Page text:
Search for tag "Lady Blomfield"
|1907 (In the year)
||Lady Blomfield and her daughter Mary learned of the Faith at a reception in Paris. [CH1–2; ER95; SBR22; SEBW101, SCU17]
For accounts of Lady Blomfield's life see ER88–97 and SEBW101–10.
||Lady Blomfield; Mary Blomfield
|1911 27 Aug
||'Abdu'l-Bahá and His party took a ferry to Vevey. a resort town on the other side of Lake Geneva (Lake Leman). Vevey was the location of the Dreyfus summer home and it was near here that Lady Blomfield and her daughters finalized the translation of Paris Talks [ABF33-44, DJT186, SoW vol 2 no 14]
He took a room at the Park Hôtel Mooser where He took some rest and also met Edith Sanderson and her mother. With the assembled friends He discussed immortality and divorce.
The party returned by ferry to Thonon-les-Bains, stopping at Évian-les-Bains. [DJT196-197]
In the afternoon He met with Lillian Frances Kappes and Elizabeth Harnill Stewart who had just arrived from America on their way to teach at the Tarbiyát School for girls in Iran. The school for boys had been in operation since 1897 and the school for girls was just being established in. [ABF43, SoW vol 2 no 18, SoW vol 2 no 14]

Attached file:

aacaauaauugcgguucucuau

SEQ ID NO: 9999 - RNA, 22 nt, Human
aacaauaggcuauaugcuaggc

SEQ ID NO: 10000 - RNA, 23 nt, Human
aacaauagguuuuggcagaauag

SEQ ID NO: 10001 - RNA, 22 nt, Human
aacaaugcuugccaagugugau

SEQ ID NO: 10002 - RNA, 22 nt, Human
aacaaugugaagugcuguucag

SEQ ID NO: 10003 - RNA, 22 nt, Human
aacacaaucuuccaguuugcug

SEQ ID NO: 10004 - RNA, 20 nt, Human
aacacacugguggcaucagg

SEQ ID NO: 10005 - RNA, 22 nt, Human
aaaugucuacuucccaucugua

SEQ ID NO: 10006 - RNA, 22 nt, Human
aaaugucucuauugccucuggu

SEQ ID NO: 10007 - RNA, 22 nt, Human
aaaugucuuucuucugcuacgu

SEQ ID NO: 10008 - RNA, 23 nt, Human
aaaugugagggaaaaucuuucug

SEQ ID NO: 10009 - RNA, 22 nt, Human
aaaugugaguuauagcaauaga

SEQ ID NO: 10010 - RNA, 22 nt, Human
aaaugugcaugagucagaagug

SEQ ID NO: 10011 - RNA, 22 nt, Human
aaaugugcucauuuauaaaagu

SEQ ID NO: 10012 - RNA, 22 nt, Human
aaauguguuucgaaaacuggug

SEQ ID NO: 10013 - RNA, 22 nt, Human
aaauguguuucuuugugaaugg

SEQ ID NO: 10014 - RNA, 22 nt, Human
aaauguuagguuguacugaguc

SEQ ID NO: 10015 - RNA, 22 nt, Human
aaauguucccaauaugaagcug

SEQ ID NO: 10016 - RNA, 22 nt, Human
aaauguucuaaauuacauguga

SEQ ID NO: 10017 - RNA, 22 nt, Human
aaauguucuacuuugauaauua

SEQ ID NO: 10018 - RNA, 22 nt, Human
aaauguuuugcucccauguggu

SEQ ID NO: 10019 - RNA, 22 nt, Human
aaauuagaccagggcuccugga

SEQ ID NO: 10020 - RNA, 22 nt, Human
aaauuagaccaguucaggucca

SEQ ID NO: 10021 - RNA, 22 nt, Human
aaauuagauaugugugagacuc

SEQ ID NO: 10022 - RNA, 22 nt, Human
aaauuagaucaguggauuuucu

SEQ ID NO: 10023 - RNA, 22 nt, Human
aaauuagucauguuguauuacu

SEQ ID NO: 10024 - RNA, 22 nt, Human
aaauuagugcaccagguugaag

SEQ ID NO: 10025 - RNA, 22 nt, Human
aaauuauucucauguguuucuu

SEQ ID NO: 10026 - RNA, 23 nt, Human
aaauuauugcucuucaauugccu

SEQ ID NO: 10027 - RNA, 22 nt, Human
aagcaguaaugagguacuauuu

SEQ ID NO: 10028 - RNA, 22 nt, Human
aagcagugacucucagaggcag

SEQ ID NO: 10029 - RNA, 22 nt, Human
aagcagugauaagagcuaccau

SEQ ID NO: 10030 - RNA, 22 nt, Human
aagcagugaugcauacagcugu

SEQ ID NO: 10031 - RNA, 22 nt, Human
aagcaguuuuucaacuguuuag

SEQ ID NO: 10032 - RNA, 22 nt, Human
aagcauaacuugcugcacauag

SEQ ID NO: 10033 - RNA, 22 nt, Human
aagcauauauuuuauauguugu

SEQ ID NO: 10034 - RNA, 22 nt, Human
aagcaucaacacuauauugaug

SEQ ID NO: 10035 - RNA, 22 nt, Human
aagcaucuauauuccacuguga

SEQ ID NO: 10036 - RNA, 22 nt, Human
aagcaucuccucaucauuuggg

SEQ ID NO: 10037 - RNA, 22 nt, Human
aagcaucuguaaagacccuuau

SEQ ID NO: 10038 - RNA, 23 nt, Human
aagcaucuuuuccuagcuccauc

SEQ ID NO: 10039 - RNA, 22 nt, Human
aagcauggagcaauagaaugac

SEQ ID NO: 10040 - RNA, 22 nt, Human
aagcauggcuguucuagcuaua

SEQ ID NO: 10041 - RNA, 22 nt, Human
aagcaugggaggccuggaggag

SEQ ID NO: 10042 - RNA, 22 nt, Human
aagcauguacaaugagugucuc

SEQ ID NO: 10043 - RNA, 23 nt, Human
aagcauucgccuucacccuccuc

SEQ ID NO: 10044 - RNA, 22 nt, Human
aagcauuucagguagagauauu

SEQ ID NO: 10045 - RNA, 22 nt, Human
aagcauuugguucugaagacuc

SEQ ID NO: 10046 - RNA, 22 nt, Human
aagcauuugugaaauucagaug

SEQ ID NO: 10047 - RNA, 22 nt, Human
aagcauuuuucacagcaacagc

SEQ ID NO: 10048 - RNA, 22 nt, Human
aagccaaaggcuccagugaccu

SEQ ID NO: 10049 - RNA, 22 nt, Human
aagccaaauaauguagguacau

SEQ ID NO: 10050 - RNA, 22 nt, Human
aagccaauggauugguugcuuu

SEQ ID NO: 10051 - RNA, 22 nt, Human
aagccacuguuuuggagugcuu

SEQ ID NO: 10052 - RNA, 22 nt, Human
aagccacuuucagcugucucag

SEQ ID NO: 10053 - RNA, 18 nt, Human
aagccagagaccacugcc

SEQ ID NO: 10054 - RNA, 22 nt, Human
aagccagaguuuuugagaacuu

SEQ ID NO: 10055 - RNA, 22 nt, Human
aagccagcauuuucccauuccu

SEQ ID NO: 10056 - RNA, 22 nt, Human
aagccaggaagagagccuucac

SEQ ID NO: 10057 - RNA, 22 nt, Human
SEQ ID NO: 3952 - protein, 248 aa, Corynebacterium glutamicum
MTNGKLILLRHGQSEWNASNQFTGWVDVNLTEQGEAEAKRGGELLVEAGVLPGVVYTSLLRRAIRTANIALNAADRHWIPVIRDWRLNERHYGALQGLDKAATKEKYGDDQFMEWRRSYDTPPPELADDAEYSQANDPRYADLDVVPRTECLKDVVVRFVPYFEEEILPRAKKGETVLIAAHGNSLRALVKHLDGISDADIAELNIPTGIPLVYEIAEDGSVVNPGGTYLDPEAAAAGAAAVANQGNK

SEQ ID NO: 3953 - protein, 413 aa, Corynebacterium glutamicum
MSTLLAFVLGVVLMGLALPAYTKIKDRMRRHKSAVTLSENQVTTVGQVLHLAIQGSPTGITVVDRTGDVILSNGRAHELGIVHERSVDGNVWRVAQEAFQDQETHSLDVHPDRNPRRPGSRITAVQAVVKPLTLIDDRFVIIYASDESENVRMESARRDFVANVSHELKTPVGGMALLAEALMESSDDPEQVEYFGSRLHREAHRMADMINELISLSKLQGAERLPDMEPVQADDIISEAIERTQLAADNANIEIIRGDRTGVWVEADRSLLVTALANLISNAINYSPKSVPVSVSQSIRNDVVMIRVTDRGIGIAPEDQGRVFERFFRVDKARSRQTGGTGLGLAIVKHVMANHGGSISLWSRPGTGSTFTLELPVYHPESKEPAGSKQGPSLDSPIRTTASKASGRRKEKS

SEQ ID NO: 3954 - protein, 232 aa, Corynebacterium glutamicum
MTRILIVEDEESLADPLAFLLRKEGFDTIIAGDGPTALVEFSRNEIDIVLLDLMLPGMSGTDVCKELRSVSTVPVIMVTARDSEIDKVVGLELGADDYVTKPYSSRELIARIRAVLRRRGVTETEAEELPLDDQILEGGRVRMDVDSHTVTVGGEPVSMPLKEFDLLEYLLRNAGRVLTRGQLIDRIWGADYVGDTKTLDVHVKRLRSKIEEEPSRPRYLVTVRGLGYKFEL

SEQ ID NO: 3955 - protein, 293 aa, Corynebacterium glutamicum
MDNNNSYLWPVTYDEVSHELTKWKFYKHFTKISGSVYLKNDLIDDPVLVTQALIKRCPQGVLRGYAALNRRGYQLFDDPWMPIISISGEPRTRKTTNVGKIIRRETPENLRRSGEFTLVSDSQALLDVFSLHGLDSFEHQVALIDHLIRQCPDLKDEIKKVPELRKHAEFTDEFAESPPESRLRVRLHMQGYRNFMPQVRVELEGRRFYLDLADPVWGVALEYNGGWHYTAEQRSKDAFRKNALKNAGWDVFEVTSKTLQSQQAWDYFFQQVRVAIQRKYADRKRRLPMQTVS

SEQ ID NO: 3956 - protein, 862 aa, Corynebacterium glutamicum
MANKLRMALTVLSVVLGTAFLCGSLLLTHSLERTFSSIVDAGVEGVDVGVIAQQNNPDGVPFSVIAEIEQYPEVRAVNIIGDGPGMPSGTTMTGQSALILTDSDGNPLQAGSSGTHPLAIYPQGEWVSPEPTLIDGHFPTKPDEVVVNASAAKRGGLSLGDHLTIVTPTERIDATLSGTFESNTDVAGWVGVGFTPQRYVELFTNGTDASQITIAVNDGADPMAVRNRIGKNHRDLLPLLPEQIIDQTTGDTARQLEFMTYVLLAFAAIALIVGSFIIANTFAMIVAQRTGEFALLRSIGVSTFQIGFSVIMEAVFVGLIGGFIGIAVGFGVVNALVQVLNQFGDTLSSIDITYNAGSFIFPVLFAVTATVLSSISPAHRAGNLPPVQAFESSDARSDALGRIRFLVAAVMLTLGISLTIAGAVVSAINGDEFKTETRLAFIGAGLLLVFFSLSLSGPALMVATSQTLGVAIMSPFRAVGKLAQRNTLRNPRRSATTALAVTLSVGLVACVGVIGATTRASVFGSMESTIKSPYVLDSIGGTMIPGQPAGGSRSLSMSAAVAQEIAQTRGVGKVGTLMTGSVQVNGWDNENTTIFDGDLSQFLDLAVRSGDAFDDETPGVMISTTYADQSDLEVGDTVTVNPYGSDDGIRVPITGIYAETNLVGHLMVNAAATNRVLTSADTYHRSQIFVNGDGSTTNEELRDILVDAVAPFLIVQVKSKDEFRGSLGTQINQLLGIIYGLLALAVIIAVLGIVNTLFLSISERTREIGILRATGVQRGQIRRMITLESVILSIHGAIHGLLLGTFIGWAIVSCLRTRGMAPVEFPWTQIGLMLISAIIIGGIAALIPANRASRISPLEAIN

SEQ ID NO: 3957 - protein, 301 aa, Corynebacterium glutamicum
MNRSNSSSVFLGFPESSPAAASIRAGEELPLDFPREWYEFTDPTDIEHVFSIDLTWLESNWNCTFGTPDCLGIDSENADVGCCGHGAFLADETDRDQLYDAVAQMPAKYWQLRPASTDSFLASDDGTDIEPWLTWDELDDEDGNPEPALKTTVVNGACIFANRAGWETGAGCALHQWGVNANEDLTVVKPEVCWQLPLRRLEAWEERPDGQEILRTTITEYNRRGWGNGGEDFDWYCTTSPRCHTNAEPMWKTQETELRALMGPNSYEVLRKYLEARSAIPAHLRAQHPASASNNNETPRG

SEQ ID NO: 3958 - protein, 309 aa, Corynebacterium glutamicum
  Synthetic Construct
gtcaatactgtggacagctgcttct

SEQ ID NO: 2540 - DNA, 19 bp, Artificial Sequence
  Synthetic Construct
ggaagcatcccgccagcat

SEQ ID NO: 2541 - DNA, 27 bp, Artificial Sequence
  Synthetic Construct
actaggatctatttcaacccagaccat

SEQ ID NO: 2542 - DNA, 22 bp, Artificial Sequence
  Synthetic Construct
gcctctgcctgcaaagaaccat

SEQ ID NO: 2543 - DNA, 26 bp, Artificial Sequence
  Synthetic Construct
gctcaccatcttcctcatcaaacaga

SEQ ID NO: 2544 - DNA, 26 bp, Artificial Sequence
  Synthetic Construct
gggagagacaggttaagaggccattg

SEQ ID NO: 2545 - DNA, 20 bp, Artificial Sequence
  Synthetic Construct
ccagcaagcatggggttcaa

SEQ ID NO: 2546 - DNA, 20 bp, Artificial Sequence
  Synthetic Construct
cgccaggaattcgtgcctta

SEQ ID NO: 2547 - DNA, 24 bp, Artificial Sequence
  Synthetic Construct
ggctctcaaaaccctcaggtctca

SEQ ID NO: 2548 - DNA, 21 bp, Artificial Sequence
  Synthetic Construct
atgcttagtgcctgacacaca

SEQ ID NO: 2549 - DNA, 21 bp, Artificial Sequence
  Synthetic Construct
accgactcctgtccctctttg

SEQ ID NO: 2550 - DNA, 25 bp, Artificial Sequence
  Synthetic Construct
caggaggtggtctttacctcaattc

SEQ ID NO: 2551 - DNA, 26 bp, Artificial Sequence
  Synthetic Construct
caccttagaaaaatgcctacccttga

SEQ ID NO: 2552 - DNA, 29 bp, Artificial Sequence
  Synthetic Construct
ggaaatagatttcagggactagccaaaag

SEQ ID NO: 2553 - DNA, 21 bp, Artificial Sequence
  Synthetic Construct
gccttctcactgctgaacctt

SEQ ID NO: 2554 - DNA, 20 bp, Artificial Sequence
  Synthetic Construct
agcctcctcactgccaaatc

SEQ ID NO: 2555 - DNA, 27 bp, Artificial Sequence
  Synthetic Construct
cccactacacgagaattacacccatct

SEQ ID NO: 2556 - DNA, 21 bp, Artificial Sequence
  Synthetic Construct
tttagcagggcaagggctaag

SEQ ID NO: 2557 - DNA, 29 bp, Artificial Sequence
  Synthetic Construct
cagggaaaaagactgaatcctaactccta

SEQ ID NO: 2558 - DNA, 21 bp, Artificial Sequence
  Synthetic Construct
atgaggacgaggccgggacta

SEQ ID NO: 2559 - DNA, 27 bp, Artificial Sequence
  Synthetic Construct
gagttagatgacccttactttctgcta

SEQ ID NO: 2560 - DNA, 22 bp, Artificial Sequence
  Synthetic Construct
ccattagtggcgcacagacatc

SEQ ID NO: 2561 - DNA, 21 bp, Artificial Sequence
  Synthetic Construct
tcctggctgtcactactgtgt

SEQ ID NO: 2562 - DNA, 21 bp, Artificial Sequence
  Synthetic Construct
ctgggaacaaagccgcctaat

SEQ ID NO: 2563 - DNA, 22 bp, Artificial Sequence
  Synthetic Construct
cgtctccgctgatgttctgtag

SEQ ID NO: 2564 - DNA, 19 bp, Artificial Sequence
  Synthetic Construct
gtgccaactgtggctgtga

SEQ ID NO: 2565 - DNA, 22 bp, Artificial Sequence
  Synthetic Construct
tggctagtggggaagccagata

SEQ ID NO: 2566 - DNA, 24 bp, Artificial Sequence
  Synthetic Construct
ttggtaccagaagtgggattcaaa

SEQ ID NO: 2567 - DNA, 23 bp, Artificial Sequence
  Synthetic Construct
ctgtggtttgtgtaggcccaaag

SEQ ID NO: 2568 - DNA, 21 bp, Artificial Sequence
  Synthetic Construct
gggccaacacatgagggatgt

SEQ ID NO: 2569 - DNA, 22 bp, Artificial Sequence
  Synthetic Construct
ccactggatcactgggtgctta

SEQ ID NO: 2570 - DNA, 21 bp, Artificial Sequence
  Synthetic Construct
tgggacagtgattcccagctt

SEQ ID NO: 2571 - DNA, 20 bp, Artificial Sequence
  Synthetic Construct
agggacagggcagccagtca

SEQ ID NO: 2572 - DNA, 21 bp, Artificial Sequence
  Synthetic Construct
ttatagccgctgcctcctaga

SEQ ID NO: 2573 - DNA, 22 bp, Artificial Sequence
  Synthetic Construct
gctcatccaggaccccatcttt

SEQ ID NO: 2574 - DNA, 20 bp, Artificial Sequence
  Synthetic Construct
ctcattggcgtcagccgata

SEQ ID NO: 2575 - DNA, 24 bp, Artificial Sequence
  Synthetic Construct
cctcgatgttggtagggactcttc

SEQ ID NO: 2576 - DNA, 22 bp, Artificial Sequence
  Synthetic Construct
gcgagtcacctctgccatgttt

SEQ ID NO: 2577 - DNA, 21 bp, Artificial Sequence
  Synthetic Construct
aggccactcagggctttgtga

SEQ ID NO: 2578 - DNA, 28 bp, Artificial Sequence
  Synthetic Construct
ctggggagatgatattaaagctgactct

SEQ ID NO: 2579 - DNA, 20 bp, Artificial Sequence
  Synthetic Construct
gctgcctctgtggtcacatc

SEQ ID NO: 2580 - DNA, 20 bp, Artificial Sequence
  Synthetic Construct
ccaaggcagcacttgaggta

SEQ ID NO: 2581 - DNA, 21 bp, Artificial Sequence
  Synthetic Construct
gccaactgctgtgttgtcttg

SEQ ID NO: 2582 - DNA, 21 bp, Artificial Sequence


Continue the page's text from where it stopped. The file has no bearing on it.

||Thonon-les-Bains; Vevey; Switzerland; Evian-les-Bains; France
||Abdul-Baha, First Western tour; Lady Blomfield; Edith Sanderson; Lillian Kappes; Elizabeth Harnill Stewart; Tarbiyat School; Bahai schools; Paris Talks (book)
|1912 16 Dec
||'Abdu'l-Bahá and his entourage departed Liverpool for London by train from the Lime Street Station. When they arrive at Euston Station they are met by a group of about 50 Bahá'ís. He is taken by motorcar to the home of Lady Blomfield at 97 Cadogan Gardens which she again offered to Him during His stay in London. After resting He gave a talk to newspaper reporters and later gave a talk to the gathering of Bahá'ís. [AB343, ABTM276]
||Liverpool; London; United Kingdom
||Abdul-Baha, Travels of; Abdul-Baha, Second Western tour; Trains; Cars; Lady Blomfield
|1912 c. Dec
||On another occasion He gave an outline for a play to his hostess for the evening, Mrs Gabrielle Enthoven, which He called Drama of the Kingdom. It was put to print by Lady Blomfield's daughter, Mary Basil Hall, approved by the Reviewing Committees for the National Assemblies of both the British Isles and the United States and Canada. It was published in 1933. In 1994 a production based on this outline was premiered in Perth, Australia entitled The Face of Glory: A Musical Rendezvous with the Soul. [CH155-156,